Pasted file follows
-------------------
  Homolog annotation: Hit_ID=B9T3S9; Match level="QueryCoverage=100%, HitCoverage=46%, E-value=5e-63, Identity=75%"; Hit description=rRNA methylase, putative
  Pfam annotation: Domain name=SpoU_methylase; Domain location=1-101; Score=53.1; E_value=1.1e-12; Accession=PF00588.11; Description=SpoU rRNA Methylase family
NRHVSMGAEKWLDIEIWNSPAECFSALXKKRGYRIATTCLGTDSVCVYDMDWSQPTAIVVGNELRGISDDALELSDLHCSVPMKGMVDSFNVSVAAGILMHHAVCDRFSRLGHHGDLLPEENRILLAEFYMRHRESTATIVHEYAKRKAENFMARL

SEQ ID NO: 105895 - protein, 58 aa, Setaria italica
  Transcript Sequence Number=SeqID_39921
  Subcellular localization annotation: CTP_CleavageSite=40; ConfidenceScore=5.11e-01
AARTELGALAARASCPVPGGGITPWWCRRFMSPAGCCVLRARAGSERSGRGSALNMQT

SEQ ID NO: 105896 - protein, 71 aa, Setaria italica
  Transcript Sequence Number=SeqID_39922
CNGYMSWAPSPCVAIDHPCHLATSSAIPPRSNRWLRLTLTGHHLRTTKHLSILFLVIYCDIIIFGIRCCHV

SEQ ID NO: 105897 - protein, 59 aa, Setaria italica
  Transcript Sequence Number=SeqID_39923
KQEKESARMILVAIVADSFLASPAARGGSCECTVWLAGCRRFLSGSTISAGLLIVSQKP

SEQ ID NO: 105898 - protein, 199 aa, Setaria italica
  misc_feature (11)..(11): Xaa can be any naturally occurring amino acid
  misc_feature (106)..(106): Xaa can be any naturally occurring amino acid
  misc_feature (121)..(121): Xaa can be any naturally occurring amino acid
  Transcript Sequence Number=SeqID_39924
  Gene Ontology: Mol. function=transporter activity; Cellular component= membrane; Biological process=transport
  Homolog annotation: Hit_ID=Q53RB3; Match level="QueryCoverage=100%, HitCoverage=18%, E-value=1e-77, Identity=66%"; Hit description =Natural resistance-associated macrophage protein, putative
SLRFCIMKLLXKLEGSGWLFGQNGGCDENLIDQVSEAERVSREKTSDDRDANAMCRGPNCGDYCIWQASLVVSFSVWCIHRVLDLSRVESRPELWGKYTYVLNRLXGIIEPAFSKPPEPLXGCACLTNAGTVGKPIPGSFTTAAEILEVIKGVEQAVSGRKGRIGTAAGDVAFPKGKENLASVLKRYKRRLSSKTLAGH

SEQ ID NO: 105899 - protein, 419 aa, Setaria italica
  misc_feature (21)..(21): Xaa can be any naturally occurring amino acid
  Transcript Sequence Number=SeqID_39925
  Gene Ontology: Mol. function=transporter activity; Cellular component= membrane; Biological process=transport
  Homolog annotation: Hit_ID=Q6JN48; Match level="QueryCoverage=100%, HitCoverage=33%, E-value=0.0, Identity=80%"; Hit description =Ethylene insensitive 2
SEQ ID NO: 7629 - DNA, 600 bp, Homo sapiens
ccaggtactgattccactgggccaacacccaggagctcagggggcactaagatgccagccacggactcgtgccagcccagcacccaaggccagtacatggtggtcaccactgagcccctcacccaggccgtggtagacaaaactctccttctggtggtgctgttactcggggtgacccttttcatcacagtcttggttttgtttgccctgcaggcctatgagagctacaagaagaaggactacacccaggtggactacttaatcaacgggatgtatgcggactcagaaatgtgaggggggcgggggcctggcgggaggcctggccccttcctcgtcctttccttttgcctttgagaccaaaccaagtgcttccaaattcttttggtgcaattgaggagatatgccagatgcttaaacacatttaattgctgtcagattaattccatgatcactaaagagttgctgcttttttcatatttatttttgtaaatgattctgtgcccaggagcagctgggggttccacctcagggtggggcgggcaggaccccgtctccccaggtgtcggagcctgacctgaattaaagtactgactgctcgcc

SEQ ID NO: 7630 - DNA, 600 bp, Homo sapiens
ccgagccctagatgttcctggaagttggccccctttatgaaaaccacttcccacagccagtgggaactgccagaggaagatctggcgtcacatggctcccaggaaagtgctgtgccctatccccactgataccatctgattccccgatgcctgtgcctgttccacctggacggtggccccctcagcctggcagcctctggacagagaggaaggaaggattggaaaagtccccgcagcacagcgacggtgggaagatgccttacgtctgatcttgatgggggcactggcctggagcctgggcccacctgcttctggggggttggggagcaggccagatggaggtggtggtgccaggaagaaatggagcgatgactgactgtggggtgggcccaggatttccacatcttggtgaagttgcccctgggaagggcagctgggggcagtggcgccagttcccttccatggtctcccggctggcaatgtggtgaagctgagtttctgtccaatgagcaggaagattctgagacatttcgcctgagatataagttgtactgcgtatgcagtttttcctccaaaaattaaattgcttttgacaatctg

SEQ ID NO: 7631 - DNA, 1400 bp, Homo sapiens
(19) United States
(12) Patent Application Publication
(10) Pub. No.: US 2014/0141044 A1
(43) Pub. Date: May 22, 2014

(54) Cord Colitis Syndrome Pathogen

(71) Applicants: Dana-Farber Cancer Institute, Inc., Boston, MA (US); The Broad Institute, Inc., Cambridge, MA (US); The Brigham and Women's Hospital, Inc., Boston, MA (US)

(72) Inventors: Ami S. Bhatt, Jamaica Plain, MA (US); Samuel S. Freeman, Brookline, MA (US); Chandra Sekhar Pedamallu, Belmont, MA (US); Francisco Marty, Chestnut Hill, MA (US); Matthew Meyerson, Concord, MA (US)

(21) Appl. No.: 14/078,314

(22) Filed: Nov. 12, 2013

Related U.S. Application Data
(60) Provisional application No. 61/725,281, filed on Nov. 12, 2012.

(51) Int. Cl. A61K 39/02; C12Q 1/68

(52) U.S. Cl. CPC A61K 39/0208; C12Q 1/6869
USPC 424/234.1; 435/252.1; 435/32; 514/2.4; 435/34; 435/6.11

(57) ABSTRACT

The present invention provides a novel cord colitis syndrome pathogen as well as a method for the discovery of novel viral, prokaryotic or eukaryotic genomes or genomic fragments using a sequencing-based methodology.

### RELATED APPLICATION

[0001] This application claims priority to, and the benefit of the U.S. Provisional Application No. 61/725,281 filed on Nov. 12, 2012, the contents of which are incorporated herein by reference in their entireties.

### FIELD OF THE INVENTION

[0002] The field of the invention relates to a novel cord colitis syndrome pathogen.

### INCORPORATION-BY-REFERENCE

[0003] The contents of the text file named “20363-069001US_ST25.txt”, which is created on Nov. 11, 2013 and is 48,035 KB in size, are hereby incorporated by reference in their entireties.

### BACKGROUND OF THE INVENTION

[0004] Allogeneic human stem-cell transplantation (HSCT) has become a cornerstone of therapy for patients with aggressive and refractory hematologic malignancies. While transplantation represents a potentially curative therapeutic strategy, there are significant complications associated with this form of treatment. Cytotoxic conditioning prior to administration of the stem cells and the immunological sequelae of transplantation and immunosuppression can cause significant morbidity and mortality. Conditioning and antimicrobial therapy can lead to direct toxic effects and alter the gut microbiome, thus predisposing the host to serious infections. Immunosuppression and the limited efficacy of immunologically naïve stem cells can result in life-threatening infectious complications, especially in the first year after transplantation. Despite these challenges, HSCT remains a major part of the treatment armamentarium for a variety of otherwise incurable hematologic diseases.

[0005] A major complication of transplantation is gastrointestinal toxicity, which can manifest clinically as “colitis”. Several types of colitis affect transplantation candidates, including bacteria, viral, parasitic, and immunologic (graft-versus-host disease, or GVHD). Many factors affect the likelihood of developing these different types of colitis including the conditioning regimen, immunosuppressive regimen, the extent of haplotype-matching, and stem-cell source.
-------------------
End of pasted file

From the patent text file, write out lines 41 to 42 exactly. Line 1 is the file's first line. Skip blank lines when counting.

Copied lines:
Related U.S. Application Data
(60) Provisional application No. 61/725,281, filed on Nov. 12, 2012.